4 Ways To Plan A Smart Retirement

4 Ways To Plan A Smart RetirementRetirement is a matter of concern almost for anybody across the world. Once the inflow stops, the reserve runs out faster than realized. And soon, people face a terrible financial situation where they are forced to compromise on things because with age the capacity to earn money lessens.

It is better to plan from before than face a situation like that and be dependent on your children, relatives or worse, state welfare.

Here are a few tips that can help you plan for a situation like that in future.

1. Plan The Reserve Amount Required

Think about the lifestyle that you will have when you retire. The standard will definitely be higher than what it is when you are in your 30s and 40s. When you reach the retirement age, you must have made significant advancements in your career. Naturally, you will be used to living in a certain way. It will be foolish to think that suddenly after you retire, you will be able to downgrade your standard of living. Of course, you will not. So, plan a reserve amount which will be sufficient to support your standard of living then.

And then there is a monster called inflation, which keeps on increasing the cost of living. So do remember to counter in that when you plan a reserve.

Just an example to give you an idea about what we’re talking about. A person who started working in 1975 would have retired about 3 years back. Here are a few comparisons to understand how much that person should have saved to have a comfortable life today. In 1975, buying a house would have cost someone $209,000 (inflation adjusted) which today costs around $275,000 which is a flat 25% hike. Similarly, a new car today costs $31,000 with an average which was only $16,578 (inflation adjusted) in 1975.

2. Start Saving Early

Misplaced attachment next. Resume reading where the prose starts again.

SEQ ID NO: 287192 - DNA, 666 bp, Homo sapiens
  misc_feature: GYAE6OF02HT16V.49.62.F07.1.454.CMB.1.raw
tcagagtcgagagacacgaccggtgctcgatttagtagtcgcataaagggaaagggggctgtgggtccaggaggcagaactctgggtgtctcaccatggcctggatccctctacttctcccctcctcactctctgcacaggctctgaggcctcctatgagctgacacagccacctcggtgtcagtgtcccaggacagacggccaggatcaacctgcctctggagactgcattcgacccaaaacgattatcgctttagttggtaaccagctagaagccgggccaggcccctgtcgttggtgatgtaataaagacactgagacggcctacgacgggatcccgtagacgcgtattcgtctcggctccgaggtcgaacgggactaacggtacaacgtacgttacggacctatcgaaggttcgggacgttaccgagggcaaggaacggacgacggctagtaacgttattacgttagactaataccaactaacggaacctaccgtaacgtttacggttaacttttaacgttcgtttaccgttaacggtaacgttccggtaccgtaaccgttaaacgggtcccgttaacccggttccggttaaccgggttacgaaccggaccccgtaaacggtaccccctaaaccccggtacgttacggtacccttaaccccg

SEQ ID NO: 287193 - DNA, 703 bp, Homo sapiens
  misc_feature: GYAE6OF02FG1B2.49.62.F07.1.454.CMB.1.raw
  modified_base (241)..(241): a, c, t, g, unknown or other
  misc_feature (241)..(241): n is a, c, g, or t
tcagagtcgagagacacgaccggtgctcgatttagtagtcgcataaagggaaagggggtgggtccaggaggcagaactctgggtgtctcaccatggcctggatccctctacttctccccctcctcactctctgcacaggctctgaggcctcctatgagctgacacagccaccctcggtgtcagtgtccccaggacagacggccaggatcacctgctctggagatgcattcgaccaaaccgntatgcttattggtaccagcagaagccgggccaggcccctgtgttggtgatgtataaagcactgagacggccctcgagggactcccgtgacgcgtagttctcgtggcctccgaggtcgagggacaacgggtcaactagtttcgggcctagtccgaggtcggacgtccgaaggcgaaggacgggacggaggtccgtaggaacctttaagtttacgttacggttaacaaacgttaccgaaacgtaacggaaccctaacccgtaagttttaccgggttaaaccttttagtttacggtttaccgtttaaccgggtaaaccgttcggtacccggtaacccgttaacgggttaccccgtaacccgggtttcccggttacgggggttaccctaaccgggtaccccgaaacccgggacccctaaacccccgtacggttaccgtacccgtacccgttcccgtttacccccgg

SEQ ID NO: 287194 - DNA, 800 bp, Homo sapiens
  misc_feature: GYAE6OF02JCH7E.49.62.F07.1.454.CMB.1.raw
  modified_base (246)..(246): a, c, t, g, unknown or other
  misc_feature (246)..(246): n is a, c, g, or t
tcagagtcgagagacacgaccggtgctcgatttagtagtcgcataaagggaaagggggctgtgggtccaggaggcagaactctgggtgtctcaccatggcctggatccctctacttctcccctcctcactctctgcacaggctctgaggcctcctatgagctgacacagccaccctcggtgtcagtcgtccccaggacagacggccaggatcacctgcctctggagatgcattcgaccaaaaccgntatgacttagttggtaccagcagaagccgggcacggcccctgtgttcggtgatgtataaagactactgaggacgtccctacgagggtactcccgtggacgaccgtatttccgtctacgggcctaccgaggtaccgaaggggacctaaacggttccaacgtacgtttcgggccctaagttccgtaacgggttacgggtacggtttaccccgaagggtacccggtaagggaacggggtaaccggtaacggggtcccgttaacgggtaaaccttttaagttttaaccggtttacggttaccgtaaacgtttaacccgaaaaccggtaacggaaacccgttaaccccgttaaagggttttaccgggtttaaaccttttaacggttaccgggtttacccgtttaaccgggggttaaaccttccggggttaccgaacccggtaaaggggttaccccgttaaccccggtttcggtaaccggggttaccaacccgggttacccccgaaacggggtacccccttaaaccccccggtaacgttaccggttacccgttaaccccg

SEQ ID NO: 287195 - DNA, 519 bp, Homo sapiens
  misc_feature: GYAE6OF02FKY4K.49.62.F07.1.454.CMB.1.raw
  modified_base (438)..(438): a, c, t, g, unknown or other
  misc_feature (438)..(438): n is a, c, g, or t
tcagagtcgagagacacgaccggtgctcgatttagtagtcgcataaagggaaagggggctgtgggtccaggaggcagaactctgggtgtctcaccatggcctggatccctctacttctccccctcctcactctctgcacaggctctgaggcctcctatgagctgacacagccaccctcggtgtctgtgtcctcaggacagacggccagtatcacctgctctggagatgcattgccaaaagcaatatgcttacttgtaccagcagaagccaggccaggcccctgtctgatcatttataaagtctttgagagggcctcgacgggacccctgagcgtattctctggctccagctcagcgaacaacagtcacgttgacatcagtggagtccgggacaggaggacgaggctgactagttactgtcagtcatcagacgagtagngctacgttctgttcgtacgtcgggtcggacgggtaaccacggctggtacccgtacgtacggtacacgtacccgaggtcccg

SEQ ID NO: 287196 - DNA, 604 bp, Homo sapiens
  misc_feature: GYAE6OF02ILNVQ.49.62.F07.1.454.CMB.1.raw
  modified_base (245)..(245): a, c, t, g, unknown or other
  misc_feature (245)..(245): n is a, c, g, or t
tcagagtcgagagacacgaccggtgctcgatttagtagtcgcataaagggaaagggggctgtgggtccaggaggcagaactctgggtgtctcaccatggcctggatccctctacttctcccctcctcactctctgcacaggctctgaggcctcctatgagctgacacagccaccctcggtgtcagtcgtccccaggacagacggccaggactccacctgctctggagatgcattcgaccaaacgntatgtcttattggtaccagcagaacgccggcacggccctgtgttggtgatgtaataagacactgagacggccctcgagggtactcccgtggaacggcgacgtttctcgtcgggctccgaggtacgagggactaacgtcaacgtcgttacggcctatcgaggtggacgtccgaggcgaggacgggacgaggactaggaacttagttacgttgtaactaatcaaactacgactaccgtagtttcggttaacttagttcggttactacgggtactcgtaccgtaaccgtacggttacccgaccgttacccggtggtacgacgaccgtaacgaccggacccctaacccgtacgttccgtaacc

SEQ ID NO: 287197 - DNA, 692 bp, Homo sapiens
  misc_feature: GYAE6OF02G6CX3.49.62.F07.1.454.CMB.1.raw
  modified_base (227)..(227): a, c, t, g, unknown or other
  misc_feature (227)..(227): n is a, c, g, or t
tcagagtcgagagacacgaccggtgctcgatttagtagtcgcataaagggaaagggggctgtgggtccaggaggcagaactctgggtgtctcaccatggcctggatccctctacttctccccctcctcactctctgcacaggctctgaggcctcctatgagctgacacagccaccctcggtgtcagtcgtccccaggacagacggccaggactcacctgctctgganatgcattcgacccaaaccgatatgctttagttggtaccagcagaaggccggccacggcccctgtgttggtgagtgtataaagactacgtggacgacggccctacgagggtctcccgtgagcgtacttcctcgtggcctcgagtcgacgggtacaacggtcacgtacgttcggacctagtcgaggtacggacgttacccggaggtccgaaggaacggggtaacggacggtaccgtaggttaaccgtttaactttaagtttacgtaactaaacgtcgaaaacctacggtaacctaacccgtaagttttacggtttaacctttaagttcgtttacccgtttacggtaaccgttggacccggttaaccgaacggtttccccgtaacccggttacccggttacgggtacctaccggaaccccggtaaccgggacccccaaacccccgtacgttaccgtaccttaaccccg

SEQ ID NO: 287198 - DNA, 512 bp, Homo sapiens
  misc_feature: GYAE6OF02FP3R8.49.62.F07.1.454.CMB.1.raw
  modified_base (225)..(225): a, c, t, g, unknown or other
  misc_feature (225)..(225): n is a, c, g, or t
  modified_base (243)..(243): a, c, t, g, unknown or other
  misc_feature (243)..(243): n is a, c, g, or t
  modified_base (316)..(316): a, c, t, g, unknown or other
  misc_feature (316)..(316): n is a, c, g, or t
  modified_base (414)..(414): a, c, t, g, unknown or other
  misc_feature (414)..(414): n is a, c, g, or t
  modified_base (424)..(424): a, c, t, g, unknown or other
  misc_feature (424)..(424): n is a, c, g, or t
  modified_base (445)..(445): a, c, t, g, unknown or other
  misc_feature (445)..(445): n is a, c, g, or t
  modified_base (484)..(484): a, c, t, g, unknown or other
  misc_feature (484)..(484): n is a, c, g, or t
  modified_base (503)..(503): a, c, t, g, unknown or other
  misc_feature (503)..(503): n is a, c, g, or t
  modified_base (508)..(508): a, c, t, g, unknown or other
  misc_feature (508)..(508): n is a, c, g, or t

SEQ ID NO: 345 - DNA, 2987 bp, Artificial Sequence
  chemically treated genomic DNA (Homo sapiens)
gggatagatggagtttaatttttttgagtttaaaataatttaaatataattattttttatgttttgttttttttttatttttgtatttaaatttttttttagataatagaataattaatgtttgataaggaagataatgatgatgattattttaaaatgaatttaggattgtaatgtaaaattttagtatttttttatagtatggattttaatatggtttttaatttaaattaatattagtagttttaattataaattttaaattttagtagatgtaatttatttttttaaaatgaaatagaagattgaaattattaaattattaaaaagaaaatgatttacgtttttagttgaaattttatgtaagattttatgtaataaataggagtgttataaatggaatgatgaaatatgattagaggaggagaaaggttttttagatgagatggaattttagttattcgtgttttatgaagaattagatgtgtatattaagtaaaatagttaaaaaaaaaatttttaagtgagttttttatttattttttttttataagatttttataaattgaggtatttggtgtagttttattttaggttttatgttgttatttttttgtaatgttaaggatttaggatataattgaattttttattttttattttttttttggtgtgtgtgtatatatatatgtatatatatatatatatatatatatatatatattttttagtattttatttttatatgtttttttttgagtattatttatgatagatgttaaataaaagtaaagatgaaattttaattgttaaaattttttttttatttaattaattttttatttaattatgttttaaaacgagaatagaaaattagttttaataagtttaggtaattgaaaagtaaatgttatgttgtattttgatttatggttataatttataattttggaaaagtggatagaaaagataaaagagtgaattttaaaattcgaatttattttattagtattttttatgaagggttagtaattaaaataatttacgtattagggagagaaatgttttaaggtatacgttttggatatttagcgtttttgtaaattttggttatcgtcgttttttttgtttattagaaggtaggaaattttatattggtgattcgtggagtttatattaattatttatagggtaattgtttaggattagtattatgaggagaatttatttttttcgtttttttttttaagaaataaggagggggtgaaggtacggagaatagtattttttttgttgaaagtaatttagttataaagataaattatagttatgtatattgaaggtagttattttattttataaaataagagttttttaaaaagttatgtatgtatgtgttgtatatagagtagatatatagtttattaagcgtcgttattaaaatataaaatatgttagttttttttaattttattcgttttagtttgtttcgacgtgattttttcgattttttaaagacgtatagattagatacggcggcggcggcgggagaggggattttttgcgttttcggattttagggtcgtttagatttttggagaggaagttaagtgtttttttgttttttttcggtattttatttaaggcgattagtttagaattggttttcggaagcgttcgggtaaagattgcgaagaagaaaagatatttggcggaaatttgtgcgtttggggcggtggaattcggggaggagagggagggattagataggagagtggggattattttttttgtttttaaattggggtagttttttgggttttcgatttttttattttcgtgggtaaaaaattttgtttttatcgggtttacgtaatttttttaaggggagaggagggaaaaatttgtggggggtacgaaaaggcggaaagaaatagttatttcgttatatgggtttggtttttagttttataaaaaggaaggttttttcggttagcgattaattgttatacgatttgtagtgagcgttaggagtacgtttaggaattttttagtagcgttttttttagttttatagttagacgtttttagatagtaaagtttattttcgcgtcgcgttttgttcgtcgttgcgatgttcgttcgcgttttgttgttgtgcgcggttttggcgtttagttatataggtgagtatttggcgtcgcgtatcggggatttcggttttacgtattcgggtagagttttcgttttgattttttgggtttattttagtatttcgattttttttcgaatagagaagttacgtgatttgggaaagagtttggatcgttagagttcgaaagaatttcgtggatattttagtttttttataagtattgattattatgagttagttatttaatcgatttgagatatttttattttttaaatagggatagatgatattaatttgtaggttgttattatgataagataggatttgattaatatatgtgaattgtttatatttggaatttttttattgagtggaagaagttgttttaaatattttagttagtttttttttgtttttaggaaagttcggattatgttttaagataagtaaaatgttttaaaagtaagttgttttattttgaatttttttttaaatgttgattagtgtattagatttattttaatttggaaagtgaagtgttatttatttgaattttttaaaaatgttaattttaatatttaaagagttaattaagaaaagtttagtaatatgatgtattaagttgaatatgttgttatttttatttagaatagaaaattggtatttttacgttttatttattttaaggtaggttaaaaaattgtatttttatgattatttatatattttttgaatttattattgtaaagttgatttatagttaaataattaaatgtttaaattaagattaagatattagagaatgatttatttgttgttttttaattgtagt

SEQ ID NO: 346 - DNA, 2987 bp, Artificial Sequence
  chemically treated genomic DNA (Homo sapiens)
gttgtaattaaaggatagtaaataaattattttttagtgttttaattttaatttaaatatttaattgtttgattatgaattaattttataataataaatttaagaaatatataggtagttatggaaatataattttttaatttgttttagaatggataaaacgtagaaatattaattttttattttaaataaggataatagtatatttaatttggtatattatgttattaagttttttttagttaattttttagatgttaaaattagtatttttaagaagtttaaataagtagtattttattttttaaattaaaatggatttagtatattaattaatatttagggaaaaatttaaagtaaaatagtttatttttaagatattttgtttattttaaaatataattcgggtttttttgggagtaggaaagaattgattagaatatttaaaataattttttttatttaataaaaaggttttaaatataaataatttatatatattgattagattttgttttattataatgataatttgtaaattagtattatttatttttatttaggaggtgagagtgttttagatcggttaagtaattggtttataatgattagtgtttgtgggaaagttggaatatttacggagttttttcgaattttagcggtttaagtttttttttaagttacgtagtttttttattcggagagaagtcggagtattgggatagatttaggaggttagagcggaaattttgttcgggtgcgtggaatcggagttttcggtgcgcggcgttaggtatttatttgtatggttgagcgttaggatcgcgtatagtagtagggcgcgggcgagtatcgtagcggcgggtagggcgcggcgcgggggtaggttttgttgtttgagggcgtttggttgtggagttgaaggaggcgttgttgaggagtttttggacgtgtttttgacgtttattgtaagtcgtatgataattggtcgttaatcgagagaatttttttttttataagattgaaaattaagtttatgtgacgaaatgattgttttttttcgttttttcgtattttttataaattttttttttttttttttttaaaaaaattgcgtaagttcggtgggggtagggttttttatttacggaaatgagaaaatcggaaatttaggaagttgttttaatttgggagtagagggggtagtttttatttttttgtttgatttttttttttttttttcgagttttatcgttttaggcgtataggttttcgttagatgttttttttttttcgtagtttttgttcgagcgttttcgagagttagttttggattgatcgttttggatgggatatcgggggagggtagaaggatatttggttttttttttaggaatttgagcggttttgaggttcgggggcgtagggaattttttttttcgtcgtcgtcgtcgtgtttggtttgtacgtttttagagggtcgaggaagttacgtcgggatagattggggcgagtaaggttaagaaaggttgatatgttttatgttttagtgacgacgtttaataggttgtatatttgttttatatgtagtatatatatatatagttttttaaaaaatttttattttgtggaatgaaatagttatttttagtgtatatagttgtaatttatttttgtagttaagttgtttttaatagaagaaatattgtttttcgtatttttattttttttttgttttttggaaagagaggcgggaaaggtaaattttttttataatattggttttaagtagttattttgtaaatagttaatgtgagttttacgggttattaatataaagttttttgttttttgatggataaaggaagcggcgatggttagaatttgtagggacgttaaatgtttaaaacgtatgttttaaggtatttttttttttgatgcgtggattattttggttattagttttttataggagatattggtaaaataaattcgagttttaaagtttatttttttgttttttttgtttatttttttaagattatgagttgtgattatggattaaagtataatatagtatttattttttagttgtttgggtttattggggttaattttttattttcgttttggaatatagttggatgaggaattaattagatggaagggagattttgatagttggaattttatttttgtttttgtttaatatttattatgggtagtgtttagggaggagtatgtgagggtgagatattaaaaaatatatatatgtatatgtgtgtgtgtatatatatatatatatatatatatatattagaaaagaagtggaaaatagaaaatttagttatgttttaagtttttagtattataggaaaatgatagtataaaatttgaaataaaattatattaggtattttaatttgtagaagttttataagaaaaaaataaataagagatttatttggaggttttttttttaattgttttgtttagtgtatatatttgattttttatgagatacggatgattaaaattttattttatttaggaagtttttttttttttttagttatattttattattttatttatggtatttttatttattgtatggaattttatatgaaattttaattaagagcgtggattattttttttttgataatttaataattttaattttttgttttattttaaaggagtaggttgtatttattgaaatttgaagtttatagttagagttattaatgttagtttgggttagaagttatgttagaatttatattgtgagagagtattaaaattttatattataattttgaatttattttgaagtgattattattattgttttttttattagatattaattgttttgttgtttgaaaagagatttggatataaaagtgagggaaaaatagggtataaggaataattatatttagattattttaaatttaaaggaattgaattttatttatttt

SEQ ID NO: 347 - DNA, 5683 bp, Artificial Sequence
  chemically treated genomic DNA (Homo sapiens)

There is no better way to create a corpus than starting early in your life. It is simple math. The number of years you save for your retirement, the more is the reserve amount. So, from the beginning of your career, set a certain percentage of your income aside for retirement.

The CNN financial experts say that if one starts saving $3000 from the age of 25 and saves only for 10 years while investing the amount simultaneously, this $30,000 would grow into $338,000 by the time the person reaches the age of 65. And this is considering an investment growth rate of only 7%.

3. Invest The Saved Money

Saving money is not enough unless it grows to counter the inflation rate. But where should you invest your money? The avenues of investment change as you grow older and move from a young adult to a couple with no children and then on to a couple with children.

When you are young, you have more affinity to take the risk since you have more time to earn back any fund you might lose through risky investments. So, take the risk. It’s that simple.

Every individual deserves their share of taking a risk and you deserve yours too. People grow through this as a person. Trust us.

So, when you are in your 20s and 30s, invest in equity. Invest as much as 80% in equity because although equity is risky, it has historically given solid returns. And it is infectious. If you don’t know how to invest in equity, we suggest you read about it or discuss with friends who know and learn about it.

The older you get, start moving money from equity to debt. Ideally, in your 40s, you should not have more than 40 to 60% in equity and in your 50s, not more than 20 to 40%. Debt is comparatively secured (although it is not fully secured or guaranteed as most people claim it to be).

On an average, today, each middle-income household of US have about $14,000 invested in the equity market while 49% of the total US population is currently invested in the same. If you had invested $1 in the stock market in 2009, you would have made $3 by now, which is a 200% increase. Now think what an investment of higher value would have done with your money.

4. Investment Post Retirement

Well, investment of funds doesn’t have to stop when your income stops. If you follow the above steps, you will be left with a certain amount of surplus when you retire. Plus, you would have received certain retirement benefits as well. Invest the entire amount smartly so that you receive a certain amount monthly for your expenses.

Having said all this, don’t dedicate your life solely into building your retirement funds. Go out, travel, spend money, go into debt, recover, meet people and have new experiences – life is about enjoying the moments lived. All this will make you a smarter person and equip you more to face retirement boldly.

About The Author

George Diaz writes at personal finance site Sobredinero.com. You can reach him at george@sobredinero.com

 

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